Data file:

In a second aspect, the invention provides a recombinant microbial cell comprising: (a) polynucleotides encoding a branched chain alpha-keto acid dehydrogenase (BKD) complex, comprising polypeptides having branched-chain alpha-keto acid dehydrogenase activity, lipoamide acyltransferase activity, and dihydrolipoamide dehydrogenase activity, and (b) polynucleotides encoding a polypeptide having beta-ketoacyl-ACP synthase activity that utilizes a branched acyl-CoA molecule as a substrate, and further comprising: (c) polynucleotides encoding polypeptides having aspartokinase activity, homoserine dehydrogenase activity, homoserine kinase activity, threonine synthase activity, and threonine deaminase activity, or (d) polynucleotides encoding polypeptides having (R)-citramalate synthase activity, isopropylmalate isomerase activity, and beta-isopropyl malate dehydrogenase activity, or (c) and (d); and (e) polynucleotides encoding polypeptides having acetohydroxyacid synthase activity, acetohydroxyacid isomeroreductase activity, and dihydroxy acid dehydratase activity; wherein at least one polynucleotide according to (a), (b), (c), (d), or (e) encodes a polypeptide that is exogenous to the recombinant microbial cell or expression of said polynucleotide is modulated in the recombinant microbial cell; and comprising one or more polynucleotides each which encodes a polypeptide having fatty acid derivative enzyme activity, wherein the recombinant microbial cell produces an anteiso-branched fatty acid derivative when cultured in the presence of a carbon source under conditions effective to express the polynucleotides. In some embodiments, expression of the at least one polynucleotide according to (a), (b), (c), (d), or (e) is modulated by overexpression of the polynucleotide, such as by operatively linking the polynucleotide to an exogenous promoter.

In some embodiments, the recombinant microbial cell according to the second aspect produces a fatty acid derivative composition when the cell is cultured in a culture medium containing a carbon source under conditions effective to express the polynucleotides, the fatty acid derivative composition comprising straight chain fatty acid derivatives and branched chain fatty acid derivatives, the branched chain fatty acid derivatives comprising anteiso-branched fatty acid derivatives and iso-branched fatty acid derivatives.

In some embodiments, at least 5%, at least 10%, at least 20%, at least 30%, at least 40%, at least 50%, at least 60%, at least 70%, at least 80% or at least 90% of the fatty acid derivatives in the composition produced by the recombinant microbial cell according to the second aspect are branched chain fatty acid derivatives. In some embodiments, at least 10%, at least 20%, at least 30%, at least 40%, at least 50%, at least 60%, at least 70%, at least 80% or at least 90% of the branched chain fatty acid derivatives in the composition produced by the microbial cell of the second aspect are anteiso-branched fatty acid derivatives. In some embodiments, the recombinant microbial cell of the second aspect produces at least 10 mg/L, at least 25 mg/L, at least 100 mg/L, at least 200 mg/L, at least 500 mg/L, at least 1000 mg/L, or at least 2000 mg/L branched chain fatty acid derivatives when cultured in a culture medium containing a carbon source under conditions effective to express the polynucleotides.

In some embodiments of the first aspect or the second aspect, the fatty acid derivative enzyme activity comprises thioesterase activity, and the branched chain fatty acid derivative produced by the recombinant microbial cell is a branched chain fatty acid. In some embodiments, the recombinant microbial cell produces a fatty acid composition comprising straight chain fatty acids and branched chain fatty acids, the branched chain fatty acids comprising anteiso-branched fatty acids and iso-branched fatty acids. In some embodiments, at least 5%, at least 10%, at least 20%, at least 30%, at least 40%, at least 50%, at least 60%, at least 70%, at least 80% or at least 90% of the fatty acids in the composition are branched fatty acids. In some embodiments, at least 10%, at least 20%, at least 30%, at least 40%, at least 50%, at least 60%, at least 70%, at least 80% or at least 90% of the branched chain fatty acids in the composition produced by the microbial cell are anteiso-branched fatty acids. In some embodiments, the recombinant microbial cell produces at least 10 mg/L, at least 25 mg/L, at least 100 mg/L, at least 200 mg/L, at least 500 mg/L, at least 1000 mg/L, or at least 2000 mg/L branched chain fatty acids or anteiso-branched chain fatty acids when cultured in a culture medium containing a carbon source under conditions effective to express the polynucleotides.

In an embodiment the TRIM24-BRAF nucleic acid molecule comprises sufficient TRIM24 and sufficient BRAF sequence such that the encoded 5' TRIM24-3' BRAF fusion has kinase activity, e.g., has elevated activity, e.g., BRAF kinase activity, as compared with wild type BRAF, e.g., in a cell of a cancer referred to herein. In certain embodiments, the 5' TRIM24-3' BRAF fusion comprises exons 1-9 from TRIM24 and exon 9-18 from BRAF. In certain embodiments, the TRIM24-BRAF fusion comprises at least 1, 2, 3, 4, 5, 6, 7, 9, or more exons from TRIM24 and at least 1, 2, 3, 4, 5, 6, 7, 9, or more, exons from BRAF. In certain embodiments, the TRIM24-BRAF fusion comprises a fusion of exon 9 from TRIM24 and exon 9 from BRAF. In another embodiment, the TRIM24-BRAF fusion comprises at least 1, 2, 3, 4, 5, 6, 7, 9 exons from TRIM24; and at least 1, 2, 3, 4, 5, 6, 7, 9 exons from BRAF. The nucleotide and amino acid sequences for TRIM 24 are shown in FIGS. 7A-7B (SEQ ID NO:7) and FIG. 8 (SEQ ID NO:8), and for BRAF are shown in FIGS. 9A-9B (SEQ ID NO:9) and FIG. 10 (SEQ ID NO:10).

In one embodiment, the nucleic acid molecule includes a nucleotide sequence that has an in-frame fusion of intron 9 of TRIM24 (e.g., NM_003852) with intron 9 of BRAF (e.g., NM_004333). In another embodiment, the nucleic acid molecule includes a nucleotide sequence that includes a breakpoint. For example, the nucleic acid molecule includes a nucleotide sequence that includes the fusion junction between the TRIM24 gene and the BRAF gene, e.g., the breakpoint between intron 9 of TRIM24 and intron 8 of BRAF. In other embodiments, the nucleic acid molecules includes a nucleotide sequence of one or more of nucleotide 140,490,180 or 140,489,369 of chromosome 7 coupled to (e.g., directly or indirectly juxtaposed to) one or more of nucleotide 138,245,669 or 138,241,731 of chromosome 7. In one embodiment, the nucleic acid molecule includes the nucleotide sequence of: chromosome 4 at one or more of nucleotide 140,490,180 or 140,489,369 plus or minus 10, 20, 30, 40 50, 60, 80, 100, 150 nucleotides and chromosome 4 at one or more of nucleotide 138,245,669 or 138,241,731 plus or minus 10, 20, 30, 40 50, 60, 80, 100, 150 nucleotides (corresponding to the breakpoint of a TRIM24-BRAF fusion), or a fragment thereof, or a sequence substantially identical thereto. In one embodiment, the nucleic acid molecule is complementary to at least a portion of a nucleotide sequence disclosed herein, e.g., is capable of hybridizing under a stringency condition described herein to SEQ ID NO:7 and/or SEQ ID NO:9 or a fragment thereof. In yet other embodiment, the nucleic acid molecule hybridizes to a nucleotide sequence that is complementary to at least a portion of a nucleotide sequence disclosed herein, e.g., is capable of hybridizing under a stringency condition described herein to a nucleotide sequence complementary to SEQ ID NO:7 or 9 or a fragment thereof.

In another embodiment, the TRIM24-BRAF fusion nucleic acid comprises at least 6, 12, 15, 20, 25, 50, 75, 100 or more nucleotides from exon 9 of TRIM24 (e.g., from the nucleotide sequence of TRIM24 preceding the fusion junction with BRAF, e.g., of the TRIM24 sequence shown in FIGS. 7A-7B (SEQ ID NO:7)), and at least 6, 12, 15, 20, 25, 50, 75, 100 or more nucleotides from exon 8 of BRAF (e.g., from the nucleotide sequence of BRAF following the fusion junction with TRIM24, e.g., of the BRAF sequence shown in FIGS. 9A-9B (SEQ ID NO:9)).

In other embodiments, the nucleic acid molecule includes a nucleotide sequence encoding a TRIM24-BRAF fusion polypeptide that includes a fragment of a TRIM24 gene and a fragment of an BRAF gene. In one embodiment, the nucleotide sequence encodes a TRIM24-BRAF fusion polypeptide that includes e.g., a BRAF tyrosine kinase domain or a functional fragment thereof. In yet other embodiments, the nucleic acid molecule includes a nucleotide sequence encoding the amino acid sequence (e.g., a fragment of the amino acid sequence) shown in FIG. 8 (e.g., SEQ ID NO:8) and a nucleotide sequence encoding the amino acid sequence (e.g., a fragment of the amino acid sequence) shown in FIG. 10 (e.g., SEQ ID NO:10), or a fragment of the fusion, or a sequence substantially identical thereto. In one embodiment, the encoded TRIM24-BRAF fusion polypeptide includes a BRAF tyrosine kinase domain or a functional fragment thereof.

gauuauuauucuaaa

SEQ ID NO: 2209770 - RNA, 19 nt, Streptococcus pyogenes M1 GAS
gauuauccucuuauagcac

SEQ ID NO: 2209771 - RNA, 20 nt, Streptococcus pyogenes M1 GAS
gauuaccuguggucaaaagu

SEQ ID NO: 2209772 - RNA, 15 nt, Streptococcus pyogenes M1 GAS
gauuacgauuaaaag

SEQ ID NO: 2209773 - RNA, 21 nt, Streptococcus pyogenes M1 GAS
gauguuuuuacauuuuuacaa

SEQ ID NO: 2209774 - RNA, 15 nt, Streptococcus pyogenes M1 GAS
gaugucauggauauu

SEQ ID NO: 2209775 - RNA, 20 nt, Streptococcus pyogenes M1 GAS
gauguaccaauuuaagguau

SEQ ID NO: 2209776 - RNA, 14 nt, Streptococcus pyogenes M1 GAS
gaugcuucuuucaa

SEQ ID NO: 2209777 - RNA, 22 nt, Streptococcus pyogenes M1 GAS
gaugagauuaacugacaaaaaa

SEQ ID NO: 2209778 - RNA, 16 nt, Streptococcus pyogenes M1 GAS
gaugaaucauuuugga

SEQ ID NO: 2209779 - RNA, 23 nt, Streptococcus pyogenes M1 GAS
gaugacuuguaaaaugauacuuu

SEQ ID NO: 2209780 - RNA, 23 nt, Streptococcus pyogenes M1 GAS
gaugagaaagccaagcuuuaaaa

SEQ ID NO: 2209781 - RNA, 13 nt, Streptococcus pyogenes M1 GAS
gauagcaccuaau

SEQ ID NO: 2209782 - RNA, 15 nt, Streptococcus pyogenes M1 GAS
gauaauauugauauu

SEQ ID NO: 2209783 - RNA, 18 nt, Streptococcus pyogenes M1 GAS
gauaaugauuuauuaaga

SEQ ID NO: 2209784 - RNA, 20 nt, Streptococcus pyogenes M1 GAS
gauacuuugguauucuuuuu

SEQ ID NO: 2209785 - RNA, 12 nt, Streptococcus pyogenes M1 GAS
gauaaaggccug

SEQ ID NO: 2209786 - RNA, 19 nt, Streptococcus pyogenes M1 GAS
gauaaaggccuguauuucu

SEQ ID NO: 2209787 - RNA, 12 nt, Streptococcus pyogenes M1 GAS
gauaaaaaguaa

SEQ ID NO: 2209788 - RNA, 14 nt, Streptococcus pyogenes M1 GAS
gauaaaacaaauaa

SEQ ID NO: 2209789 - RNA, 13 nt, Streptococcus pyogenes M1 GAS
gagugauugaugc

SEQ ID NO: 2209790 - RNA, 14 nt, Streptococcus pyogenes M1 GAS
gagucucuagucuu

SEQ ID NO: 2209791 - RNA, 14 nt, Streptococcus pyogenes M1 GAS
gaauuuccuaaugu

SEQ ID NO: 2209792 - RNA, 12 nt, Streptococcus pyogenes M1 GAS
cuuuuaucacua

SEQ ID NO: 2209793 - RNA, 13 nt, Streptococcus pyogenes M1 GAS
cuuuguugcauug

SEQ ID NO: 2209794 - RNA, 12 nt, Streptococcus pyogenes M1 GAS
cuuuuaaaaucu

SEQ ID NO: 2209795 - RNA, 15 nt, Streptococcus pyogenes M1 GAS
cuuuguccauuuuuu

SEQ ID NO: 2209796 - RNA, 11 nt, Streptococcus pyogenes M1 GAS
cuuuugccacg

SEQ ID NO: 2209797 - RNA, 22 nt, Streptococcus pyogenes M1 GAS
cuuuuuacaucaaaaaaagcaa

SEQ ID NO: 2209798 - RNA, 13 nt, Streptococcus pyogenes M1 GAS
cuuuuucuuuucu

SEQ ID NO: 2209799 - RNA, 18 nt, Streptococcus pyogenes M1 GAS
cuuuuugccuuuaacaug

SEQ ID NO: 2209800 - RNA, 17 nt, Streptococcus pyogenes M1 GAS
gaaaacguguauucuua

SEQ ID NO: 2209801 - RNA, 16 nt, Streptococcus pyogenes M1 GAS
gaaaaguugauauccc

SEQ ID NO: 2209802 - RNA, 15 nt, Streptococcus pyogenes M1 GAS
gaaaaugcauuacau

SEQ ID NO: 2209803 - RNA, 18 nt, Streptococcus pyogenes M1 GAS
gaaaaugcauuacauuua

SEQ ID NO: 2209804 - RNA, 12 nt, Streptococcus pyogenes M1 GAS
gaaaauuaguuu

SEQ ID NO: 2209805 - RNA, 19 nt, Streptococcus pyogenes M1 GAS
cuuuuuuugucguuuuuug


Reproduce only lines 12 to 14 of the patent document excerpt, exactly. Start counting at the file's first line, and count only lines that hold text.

SEQ ID NO: 2209771 - RNA, 20 nt, Streptococcus pyogenes M1 GAS
gauuaccuguggucaaaagu

SEQ ID NO: 2209772 - RNA, 15 nt, Streptococcus pyogenes M1 GAS